Skip to Content Skip to Search Go to Top Navigation Go to Side Menu

"stress" Tag

Social isolation in cities; Balance, Pro’s, Con’s and the Internet.

Wednesday, May 17, 2017

The ‘Happening’

An appealing aspect of every city is it’s ‘happening’. This could be translated here as: there’s movement, conversation, and just plain interaction, negative or positive, whether that be the honking of the horn or just the ‘good morning’ to the elderly man reading the paper at the café. This has always been something that is somewhat comforting, at least to myself. An example of a ‘happening’ city could be Naples, because, the core sidewalk principal that we will mention further into this article is fully in effect, and despite the city having many problems such as waste management, or crime, there is an underlying sense of happening. And of course, something to keep in mind is also the level of comfort each person has when it comes to being close, or around, to borderline illegal activities. The streets are packed, scooters flying up and down the street, people talking, arguing, people exchanging services on the street and not just in shops, the list goes on. This sense of happening helps someone who could be a victim of social isolation feel grounded, balancing between the familiarity of being in cities, and knowing that if there’s something they need to know, if the word is out, the sidewalks will be the first place to find out.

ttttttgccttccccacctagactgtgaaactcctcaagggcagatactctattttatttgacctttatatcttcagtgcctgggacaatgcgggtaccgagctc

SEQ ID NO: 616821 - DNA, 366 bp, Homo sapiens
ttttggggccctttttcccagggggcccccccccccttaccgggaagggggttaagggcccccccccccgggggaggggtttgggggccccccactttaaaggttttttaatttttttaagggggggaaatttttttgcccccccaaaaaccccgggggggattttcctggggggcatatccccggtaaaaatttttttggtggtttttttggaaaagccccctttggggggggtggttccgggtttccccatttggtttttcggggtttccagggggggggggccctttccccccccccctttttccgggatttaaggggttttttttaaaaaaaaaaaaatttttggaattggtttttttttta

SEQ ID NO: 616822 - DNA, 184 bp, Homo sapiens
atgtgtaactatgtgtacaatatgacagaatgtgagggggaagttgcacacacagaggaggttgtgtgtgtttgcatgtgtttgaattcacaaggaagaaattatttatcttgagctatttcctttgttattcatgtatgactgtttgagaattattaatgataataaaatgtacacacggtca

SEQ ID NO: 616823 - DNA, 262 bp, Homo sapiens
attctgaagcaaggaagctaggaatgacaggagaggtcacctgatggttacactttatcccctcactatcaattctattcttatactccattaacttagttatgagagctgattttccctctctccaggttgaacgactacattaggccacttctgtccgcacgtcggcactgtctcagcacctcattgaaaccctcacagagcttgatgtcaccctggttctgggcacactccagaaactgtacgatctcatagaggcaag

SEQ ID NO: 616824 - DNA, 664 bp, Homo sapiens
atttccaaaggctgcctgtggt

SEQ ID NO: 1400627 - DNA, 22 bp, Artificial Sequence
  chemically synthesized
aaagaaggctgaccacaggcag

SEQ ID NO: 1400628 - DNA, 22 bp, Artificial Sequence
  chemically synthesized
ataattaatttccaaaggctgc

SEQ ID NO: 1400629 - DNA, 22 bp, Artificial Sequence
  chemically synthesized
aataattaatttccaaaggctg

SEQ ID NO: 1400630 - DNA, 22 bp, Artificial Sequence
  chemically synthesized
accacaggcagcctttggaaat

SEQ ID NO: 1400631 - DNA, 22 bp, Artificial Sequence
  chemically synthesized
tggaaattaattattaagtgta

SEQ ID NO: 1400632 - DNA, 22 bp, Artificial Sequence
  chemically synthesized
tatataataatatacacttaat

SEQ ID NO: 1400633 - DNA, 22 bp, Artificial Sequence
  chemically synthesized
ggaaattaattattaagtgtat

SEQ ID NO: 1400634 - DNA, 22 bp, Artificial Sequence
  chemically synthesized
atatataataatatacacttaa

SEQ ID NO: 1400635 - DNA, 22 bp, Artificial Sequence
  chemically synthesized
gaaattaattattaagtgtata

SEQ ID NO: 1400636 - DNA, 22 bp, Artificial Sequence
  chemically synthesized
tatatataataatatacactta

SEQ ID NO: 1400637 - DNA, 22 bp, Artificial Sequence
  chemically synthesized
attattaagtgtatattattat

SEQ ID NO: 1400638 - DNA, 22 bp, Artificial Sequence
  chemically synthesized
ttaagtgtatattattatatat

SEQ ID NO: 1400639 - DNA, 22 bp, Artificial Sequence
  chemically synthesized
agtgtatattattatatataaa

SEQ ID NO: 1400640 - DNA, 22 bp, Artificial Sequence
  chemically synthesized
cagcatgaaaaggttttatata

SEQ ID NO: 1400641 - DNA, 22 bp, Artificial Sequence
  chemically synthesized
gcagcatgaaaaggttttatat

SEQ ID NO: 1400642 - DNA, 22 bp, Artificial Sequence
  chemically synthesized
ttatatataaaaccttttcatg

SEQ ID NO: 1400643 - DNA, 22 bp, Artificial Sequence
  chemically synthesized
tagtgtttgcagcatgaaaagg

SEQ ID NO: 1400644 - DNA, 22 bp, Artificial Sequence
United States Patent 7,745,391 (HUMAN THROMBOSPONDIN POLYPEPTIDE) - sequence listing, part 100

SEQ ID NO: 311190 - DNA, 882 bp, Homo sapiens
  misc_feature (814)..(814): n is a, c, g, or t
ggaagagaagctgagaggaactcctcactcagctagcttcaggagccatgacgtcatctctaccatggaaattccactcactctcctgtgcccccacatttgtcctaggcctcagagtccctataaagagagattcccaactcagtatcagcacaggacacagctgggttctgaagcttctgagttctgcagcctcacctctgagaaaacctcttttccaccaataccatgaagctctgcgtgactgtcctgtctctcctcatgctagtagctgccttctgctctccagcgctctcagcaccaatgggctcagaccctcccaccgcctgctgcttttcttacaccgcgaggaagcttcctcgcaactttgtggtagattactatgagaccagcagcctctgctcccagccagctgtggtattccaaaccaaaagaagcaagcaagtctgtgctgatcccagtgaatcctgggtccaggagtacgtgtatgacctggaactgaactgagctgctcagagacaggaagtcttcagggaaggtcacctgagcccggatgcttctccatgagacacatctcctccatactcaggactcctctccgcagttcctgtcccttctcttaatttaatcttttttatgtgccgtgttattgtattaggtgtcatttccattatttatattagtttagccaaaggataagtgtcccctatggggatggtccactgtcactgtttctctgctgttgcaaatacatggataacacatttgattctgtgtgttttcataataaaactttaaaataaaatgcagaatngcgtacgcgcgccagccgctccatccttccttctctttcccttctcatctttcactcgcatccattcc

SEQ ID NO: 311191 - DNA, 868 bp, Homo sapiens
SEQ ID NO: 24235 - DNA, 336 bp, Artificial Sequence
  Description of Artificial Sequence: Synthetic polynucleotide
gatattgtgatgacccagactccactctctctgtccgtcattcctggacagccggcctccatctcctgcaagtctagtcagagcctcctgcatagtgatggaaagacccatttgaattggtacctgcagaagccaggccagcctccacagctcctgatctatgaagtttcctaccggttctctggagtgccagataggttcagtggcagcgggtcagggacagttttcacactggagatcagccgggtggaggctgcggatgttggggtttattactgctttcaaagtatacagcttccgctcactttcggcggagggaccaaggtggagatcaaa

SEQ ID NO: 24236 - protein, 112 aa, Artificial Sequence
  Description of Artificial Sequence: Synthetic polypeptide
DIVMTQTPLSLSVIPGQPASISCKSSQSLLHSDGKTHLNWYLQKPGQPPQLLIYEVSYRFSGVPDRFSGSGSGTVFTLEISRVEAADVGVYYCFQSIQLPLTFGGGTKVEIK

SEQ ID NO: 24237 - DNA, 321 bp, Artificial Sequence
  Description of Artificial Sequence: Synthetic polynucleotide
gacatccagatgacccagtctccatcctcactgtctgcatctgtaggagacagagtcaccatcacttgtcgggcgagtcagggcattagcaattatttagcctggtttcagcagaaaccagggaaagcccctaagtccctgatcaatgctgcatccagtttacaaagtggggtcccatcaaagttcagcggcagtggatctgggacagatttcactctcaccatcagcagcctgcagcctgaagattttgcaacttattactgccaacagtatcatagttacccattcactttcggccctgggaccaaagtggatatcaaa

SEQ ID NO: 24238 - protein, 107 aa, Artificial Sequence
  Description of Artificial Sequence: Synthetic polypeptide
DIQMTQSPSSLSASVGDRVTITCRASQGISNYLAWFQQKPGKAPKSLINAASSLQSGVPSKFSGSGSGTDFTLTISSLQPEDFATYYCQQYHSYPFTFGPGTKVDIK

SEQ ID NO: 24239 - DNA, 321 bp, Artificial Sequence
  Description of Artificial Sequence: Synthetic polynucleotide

Streets of Naples (Napoli). Naples, Campania, Italy, South Europe.


The Internet also plays a part in this in 2017, as it’s a hub of information, but the one thing separates it from a city, is of course, it’s human interaction. And although the information that you get on the city sidewalk is conditioned to whom you’re talking to, and not to thousands of sources, the difference is that you are able to have a human discussion with this person, and not just the long deep stare into a screen, searching until you find something vaguely similar to the answer you were hoping to find from your search engine. This social isolation also occurs because a lot of times, we, or at least I, fall into the mistake of underestimating our fellow humans and assuming they don’t know about my interests, or about what I’m looking for. Chances are, if you risk conversation, they actually will. And if they don’t, oh well, that’s the beauty of discussion. And that’s the beauty of sidewalk chatter, conversation and interaction in the city.